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Jagerstatter's example for conscientious objectors

Franz Jagerstatter was an Austrian who was martyred because he refused to be drafted into the Nazi army after Hitler took over Austria. He said he could not participate in an unjust war.

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"Jump out before the train reaches its destination, even it it costs you your life" -Franz Jagerstatter

At the beginning of June the Vatican announced that Pope Benedict XVI had authorized the Congregation for the Causes of Saints to publish his declaration of the Catholic martyrdom of Franz Jagerstatter. The date for his beatification had been published as October 27, 2007. It will take place in Linz, Austria, where he had his farm and worked at the parish.

Franz Jagerstatter was an Austrian who was martyred because he refused to be drafted into the Nazi army after Hitler took over Austria. He said he could not participate in an unjust war, and for this the father of three little girls was beheaded within six months of his arrest.

Franz was not only a conscientious objector to war, but a selective conscientious objector. He could not join a fight which he believed to be morally wrong.

Biographical accounts of Jagerstatter all mention his rather wild youth and then at some point a deeper religious conversion as a young man.

According to Gordon Zahn, who researched and wrote the powerful book, In Solitary Witness: The Life and Death of Franz Jagerstatter (Holt, Rinehart and Winston, 1964), the martyr believed that he could not be a soldier in an unjust war sponsored by a government determined on imperialist expansionism and slaughter of innocents, presenting itself as a substitute for religion which saw and treated his Church as the enemy.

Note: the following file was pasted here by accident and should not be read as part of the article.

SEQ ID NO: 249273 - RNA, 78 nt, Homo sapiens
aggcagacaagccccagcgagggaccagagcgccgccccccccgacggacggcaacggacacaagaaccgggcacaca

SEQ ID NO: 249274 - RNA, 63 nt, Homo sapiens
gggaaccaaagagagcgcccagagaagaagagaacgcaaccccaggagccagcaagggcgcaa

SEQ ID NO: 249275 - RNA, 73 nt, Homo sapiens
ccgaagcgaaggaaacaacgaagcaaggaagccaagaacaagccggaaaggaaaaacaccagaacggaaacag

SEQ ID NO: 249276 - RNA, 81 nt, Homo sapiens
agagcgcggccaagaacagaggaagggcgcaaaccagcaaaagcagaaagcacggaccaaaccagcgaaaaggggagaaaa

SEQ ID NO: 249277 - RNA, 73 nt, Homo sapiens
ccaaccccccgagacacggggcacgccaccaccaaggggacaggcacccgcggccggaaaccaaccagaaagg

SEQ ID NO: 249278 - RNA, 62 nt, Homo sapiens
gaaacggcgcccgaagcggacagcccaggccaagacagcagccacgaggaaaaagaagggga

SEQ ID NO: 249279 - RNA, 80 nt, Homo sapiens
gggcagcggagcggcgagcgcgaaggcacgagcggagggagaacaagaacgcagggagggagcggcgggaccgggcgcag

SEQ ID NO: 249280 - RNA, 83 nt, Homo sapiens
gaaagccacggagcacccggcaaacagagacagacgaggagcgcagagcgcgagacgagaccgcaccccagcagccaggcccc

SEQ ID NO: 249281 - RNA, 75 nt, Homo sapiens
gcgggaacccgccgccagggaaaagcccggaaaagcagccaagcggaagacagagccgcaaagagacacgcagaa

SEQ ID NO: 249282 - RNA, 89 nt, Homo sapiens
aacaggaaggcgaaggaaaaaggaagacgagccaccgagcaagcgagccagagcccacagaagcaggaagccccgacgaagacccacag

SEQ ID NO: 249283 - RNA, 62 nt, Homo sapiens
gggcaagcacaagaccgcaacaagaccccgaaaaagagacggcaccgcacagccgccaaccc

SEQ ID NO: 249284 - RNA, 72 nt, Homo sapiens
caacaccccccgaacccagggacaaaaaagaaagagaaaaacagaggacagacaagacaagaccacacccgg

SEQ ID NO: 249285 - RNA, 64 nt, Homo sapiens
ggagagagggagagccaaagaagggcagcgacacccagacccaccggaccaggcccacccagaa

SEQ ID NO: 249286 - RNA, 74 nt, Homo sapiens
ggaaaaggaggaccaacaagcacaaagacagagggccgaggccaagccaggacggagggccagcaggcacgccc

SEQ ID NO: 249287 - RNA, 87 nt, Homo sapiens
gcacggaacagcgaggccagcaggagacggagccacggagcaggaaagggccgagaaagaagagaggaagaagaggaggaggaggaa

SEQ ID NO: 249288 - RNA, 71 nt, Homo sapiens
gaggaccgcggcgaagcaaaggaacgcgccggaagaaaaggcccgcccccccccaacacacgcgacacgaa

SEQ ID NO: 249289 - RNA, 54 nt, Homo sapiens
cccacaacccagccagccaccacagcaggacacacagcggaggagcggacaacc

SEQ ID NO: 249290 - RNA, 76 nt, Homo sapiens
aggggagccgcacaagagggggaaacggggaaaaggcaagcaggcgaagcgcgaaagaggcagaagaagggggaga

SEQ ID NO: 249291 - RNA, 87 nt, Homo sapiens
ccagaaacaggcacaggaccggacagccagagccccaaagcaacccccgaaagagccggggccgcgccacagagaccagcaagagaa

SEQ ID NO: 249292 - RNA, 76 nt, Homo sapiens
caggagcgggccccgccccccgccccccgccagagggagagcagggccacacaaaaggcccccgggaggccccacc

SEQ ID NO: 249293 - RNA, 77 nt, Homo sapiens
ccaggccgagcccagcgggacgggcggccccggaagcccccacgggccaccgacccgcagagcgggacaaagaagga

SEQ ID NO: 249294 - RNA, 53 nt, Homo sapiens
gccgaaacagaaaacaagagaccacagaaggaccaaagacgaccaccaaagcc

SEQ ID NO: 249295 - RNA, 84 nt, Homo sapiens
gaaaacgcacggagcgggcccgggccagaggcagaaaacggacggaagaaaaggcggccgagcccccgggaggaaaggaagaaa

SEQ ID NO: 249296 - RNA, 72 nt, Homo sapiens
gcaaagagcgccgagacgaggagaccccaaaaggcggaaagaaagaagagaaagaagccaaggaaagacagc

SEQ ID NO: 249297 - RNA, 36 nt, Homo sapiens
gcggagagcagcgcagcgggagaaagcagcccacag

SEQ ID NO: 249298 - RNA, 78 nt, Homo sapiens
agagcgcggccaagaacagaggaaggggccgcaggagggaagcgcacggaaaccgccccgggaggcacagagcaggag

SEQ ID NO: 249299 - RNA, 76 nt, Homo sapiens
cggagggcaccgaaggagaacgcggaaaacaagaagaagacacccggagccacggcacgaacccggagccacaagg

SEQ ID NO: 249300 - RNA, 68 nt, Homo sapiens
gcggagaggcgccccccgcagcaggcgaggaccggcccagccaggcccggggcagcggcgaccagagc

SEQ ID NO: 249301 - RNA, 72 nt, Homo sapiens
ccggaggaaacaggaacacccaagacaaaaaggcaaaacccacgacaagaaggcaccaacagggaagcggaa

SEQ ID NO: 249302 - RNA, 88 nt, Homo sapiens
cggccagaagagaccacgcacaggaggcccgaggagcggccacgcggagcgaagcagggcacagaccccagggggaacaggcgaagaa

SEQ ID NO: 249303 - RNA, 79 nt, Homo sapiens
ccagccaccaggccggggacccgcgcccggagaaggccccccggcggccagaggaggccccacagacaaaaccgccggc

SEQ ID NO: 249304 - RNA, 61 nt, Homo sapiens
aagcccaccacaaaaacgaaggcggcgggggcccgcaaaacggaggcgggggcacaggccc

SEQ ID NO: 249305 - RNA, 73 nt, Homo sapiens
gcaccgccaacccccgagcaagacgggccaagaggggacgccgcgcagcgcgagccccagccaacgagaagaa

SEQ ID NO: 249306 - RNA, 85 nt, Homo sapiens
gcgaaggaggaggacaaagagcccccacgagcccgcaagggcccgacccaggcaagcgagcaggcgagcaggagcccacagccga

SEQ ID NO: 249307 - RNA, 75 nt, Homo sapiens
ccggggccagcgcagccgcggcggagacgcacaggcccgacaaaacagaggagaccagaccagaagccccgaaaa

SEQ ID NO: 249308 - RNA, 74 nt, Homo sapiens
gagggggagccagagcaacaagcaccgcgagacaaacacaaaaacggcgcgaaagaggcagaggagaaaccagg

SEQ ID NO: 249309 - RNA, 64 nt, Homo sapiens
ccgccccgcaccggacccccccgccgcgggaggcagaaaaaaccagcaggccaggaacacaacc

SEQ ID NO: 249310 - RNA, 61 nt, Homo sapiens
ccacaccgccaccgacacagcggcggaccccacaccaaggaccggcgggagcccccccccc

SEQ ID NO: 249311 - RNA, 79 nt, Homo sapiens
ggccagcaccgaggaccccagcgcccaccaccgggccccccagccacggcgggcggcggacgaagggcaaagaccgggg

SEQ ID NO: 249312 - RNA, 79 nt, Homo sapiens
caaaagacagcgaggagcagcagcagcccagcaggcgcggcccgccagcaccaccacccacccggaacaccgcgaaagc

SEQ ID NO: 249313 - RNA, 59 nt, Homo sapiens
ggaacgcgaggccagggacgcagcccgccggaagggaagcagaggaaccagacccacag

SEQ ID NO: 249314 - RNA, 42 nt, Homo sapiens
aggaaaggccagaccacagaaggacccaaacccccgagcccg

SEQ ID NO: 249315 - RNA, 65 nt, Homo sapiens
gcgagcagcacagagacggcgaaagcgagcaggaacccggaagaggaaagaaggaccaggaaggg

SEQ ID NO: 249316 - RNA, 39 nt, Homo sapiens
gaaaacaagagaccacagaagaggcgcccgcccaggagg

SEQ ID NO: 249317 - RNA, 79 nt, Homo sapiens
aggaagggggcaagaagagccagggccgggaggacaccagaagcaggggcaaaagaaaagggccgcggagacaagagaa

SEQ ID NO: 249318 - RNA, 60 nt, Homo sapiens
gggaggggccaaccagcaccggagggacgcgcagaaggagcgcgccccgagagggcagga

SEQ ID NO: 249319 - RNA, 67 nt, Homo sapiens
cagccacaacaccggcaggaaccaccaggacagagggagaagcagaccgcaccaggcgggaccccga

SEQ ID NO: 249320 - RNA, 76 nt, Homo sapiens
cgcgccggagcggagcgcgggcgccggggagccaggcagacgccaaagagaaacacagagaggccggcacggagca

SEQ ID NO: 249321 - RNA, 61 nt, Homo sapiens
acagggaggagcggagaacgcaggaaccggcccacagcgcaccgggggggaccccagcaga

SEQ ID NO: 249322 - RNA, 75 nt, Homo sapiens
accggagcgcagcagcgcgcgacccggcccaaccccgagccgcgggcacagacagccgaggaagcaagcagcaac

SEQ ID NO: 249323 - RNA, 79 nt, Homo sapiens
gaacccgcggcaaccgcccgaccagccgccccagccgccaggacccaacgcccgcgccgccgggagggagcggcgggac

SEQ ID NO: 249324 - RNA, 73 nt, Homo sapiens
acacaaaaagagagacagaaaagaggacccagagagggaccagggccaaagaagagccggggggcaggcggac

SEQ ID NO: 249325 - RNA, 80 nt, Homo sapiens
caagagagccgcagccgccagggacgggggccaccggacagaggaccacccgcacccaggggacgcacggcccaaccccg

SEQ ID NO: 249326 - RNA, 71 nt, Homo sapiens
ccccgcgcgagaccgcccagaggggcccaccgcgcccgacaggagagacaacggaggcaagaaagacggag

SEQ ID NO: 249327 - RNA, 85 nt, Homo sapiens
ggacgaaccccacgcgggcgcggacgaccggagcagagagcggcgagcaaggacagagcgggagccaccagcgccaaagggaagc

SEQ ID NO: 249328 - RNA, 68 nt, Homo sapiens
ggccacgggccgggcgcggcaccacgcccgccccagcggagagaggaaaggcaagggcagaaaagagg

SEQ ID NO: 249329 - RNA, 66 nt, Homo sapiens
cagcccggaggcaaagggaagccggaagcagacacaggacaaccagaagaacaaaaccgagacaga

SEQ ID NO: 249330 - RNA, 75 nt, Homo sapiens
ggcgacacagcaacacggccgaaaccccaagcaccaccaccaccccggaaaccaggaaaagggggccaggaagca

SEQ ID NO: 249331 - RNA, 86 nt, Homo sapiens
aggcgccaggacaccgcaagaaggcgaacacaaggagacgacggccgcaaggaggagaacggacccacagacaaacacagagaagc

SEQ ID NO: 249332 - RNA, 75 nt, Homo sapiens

Zahn emphasizes that after his deeper conversion, Franz attended daily Mass, fasted and prayed. In addition to being a farmer, he was the sexton at his parish church. He and his devout wife made a pilgrimage to Rome for their honeymoon. Jager-statter was a member of the Third Order of St. Francis of Assisi, who discouraged and even forbade military service. Zahn presents Jagerstatter as a contemplative in the world who made the decision not to participate in that war because of his Catholic faith.

He was drafted in 1940 and reported for approximately six months of training. Then he returned to his village, St. Radegund, vowing disobedience to further military orders.

A Train to Hell

When Gordon Zahn visited Jagerstatter's widow, she presented the martyr's documents and writings to him. The book includes those writings regarding his decision to resist.

Zahn's book particularly features the dream that influenced Jagerstatter‘s deci-sion so much:

"Let me begin by describing an experience I had on a summer night in 1938. At first I lay awake in my bed until almost midnight, unable to sleep although I was not sick; I must have fallen asleep anyway. All of a sudden I saw a beautiful shining railroad train that circled around a mountain. Streams of children—and adults as well—rushed toward the train and could not be held back. I would rather not say how many adults did not join the ride. Then I heard a voice say to me: 'This train is going to hell'. . .

"At first this traveling train was something of a riddle to me, but the longer our situation continues, the clearer the meaning of this train becomes for me. Today it seem to me that that it is a symbol of nothing but National Socialism [Nazism], which was then breaking in (or better, creeping in) upon us with all of its many different organizations—like the NSDAP, NVW, NVF, HJ, etc. In brief, the whole National Socialist Folk Community, together with all those who sacrifice and fight for it. . .

"There are only two alternatives possible: participation in the National Socialist Folk Community [Nazism], and contributions to the red boxes as well, must either help or hinder us Catholics in our efforts to gain salvation. . .

"Thus I believe God has shown me most clearly through this dream, or revelation, and h

The views and opinions expressed herein are those of the author only, not of Spero News.
Filed under just war, iraq, world war ii, Religion
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